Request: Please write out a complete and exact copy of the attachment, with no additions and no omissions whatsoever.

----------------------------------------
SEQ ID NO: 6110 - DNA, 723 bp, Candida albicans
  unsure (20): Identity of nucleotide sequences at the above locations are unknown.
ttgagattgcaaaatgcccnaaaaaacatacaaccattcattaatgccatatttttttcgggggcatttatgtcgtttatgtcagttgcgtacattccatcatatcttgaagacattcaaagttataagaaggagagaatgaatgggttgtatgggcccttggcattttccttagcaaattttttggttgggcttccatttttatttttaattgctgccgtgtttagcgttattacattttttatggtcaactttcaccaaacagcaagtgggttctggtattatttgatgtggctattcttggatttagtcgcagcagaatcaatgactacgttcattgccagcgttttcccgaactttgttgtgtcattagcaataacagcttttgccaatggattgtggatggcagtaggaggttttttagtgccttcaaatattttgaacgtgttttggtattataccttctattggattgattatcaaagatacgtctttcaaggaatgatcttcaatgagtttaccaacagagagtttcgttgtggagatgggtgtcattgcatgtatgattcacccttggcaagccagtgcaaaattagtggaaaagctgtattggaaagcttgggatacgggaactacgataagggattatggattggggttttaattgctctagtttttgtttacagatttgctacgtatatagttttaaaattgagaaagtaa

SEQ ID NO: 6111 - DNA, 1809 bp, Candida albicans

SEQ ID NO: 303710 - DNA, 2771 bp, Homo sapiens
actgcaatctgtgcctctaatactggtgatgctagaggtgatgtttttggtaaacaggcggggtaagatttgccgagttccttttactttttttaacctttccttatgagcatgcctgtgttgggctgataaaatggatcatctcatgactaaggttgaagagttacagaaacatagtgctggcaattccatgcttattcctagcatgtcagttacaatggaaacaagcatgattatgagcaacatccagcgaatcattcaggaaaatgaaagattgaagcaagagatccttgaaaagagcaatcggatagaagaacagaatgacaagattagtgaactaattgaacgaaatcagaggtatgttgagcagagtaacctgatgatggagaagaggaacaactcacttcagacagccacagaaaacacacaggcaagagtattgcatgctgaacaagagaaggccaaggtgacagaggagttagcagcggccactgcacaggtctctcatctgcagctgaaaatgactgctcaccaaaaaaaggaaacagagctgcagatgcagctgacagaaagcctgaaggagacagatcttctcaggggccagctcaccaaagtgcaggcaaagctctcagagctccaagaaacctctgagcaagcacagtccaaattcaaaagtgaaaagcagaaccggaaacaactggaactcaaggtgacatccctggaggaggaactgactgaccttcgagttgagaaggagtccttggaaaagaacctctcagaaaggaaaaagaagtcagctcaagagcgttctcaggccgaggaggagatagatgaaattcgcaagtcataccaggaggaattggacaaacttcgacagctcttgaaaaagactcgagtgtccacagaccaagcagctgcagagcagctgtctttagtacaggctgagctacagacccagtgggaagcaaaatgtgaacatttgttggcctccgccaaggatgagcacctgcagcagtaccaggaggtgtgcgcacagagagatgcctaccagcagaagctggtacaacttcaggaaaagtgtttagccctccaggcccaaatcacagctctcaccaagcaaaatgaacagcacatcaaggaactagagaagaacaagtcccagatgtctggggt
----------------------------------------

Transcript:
SEQ ID NO: 6110 - DNA, 723 bp, Candida albicans
  unsure (20): Identity of nucleotide sequences at the above locations are unknown.
ttgagattgcaaaatgcccnaaaaaacatacaaccattcattaatgccatatttttttcgggggcatttatgtcgtttatgtcagttgcgtacattccatcatatcttgaagacattcaaagttataagaaggagagaatgaatgggttgtatgggcccttggcattttccttagcaaattttttggttgggcttccatttttatttttaattgctgccgtgtttagcgttattacattttttatggtcaactttcaccaaacagcaagtgggttctggtattatttgatgtggctattcttggatttagtcgcagcagaatcaatgactacgttcattgccagcgttttcccgaactttgttgtgtcattagcaataacagcttttgccaatggattgtggatggcagtaggaggttttttagtgccttcaaatattttgaacgtgttttggtattataccttctattggattgattatcaaagatacgtctttcaaggaatgatcttcaatgagtttaccaacagagagtttcgttgtggagatgggtgtcattgcatgtatgattcacccttggcaagccagtgcaaaattagtggaaaagctgtattggaaagcttgggatacgggaactacgataagggattatggattggggttttaattgctctagtttttgtttacagatttgctacgtatatagttttaaaattgagaaagtaa

SEQ ID NO: 6111 - DNA, 1809 bp, Candida albicans

SEQ ID NO: 303710 - DNA, 2771 bp, Homo sapiens
actgcaatctgtgcctctaatactggtgatgctagaggtgatgtttttggtaaacaggcggggtaagatttgccgagttccttttactttttttaacctttccttatgagcatgcctgtgttgggctgataaaatggatcatctcatgactaaggttgaagagttacagaaacatagtgctggcaattccatgcttattcctagcatgtcagttacaatggaaacaagcatgattatgagcaacatccagcgaatcattcaggaaaatgaaagattgaagcaagagatccttgaaaagagcaatcggatagaagaacagaatgacaagattagtgaactaattgaacgaaatcagaggtatgttgagcagagtaacctgatgatggagaagaggaacaactcacttcagacagccacagaaaacacacaggcaagagtattgcatgctgaacaagagaaggccaaggtgacagaggagttagcagcggccactgcacaggtctctcatctgcagctgaaaatgactgctcaccaaaaaaaggaaacagagctgcagatgcagctgacagaaagcctgaaggagacagatcttctcaggggccagctcaccaaagtgcaggcaaagctctcagagctccaagaaacctctgagcaagcacagtccaaattcaaaagtgaaaagcagaaccggaaacaactggaactcaaggtgacatccctggaggaggaactgactgaccttcgagttgagaaggagtccttggaaaagaacctctcagaaaggaaaaagaagtcagctcaagagcgttctcaggccgaggaggagatagatgaaattcgcaagtcataccaggaggaattggacaaacttcgacagctcttgaaaaagactcgagtgtccacagaccaagcagctgcagagcagctgtctttagtacaggctgagctacagacccagtgggaagcaaaatgtgaacatttgttggcctccgccaaggatgagcacctgcagcagtaccaggaggtgtgcgcacagagagatgcctaccagcagaagctggtacaacttcaggaaaagtgtttagccctccaggcccaaatcacagctctcaccaagcaaaatgaacagcacatcaaggaactagagaagaacaagtcccagatgtctggggt